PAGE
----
Quite a few years ago, back on The Mothership, I entered into one of the many debates prompted by Hizzoner. As I recall he attached a short press cutting that involved some sort of police deployment. The photograph showed officers from, I presume, a tactical team dressed in what was pretty much army drab cammo
kit. The debate developed around the increasingly `para militarisation` of US police forces and sheriffs departments which many commenters on Neptunus Lex, including Hizzoner, felt was more than occasionally o.t.t. There were many comments, including my own slightly more lengthy description of our close links with the SAS/SBS and other parts of the British Military. Civil police always have primacy in these circumstances.
I chipped in my £’s worth and explained that in the U.K. we work far more closely with our military (primarily Army and Royal Marines) than our American cousins under arrangements authorised by The Home Office and referred to as MAC
P (Military aide to the civil police), something that your guys are forbidden to do under The Constitution, hence your National Guard.
A guy I knew and met occasionally on joint forces firearms training and counter terrorist exercises has recently published his story. Ordinarily he would not have done so, but he became
public property last year when he was indicted and tried for murder, ten years after an on-duty shooting that he and his team were involved with in arresting known drug dealers, including Colombians. The Intel reported that they had ready access to re-activated Mac 10’s as well as other semi automatic weapons and revolvers. Tony shot one of them dead during the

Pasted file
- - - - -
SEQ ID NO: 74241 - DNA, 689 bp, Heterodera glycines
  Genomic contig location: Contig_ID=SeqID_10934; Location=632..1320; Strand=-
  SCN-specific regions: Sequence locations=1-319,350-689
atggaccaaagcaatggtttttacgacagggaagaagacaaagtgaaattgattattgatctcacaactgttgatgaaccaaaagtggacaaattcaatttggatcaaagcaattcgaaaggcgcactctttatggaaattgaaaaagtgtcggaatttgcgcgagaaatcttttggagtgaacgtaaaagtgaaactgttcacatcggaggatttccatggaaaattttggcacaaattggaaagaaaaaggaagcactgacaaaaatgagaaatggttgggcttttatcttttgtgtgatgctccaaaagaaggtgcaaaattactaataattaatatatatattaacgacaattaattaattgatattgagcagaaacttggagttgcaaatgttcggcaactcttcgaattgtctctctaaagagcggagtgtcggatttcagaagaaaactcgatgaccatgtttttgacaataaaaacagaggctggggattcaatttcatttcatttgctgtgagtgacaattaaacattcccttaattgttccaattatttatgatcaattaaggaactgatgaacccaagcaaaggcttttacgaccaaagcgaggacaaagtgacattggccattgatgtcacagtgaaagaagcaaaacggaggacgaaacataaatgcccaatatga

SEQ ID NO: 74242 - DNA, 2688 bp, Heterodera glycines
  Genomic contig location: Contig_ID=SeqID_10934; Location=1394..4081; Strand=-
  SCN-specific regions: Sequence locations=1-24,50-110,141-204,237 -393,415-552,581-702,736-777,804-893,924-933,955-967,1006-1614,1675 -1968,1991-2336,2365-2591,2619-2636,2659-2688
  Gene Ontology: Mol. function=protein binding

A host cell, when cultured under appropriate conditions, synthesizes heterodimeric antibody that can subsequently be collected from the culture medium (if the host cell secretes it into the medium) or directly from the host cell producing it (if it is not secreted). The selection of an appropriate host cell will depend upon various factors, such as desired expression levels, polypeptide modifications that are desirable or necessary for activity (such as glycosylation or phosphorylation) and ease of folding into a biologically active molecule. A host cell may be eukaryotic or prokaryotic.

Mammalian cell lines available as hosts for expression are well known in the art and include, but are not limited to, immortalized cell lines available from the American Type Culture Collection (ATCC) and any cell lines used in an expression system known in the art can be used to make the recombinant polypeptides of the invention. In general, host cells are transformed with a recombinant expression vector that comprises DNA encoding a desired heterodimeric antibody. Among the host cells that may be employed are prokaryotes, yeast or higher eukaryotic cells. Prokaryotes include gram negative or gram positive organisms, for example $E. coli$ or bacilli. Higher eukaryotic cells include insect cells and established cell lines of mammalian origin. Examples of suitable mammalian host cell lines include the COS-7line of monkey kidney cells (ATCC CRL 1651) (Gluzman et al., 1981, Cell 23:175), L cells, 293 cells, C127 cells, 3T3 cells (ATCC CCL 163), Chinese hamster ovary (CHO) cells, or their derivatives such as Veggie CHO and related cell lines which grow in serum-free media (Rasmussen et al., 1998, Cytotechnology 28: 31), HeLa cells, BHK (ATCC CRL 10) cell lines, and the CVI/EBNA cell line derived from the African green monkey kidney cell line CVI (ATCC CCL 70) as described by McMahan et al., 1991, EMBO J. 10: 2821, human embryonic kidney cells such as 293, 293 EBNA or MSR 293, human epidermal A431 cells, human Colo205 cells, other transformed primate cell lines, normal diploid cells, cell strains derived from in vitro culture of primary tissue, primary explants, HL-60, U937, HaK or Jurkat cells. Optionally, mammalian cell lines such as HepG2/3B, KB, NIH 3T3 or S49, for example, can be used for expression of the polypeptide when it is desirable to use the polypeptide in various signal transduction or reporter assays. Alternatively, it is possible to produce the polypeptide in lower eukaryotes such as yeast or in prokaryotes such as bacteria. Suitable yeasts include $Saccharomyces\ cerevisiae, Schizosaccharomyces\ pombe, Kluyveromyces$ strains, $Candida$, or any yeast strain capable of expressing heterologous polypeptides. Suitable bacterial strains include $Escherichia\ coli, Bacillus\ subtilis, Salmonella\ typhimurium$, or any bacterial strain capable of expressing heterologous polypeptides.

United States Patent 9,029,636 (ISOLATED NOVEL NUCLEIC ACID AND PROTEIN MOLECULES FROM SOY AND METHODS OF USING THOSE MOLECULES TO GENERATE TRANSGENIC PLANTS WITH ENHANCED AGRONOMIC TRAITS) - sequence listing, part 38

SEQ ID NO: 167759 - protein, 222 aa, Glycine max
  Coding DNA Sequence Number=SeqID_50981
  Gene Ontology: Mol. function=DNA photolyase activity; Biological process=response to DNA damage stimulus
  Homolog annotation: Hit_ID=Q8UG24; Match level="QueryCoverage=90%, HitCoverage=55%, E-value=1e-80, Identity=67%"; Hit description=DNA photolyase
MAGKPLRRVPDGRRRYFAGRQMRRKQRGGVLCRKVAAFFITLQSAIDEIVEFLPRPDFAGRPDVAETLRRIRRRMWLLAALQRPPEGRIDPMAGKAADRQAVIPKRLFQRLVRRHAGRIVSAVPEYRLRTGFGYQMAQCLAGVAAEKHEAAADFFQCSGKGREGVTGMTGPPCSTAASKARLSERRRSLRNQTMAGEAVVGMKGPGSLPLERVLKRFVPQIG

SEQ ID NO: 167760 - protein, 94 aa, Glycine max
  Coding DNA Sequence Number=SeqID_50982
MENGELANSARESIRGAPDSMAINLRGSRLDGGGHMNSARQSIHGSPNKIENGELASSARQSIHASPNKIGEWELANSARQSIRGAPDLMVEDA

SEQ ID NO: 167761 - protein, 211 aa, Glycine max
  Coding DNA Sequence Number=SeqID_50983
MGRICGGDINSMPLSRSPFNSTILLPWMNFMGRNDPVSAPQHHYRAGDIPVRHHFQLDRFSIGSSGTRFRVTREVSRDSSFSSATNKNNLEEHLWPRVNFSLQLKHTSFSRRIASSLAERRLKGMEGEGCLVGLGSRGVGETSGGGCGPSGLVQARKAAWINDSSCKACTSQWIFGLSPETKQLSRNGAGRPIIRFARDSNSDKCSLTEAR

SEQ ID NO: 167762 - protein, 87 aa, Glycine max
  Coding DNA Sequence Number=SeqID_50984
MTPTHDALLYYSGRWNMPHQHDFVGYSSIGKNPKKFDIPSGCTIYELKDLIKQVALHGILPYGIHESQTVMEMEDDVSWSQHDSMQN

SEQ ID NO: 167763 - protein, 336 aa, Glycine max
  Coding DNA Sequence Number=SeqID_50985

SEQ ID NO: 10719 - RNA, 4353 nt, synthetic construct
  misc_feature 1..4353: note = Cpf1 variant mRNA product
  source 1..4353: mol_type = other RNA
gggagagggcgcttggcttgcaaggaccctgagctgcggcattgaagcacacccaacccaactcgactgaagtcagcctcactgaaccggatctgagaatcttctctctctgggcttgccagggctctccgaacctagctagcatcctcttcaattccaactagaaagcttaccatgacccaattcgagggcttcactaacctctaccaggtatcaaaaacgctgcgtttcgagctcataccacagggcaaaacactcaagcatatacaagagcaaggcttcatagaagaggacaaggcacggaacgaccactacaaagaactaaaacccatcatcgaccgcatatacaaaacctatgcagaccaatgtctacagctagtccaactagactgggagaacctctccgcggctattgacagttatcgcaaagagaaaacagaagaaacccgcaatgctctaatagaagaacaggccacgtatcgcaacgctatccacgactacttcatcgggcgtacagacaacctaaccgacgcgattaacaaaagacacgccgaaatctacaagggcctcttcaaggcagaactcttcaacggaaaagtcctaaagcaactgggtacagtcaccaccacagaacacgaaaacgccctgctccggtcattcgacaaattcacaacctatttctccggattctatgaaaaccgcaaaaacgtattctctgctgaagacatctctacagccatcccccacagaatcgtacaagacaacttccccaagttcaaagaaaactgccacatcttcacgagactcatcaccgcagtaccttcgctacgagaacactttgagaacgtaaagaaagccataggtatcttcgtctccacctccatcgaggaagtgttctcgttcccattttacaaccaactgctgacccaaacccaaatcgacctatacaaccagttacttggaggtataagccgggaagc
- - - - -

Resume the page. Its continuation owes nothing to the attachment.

hard stop his team conducted after the crime squad’s surveillance unit handed over to the Tactical Team to conduct the arrests. It always was a clean shoot, but his experiences at a Coroner’s Court inquest at the hands of the Coroner (a very important and historic legal position that used to report to and represent the Monarch ie
The Crown, hence the name) was not helpful. Our Coroners have very considerable powers and responsibilities and the position should not be confused with what you guys would know as a coroner. Tony appeared at The Old Bailey (Central Criminal Court) last year. After a trial lasting several weeks he was acquitted.
I’ve just finished the book, published earlier this year. It is the real deal, totally authentic and in no way sensationalised, for having met the guy and knowing several of his colleagues quite well, I can say that this was not his way. Tony followed my footsteps in South East London (he joined about 5 years after me) and reading some of the chapters was a real trip down my own memory lane. I commend the book to you if you have more than a passing interest in such things. Tony worked with his US equivalents. There are several honourable mentions`. The last time we met, he bought me a Chinese dinner. I owe him far more than that.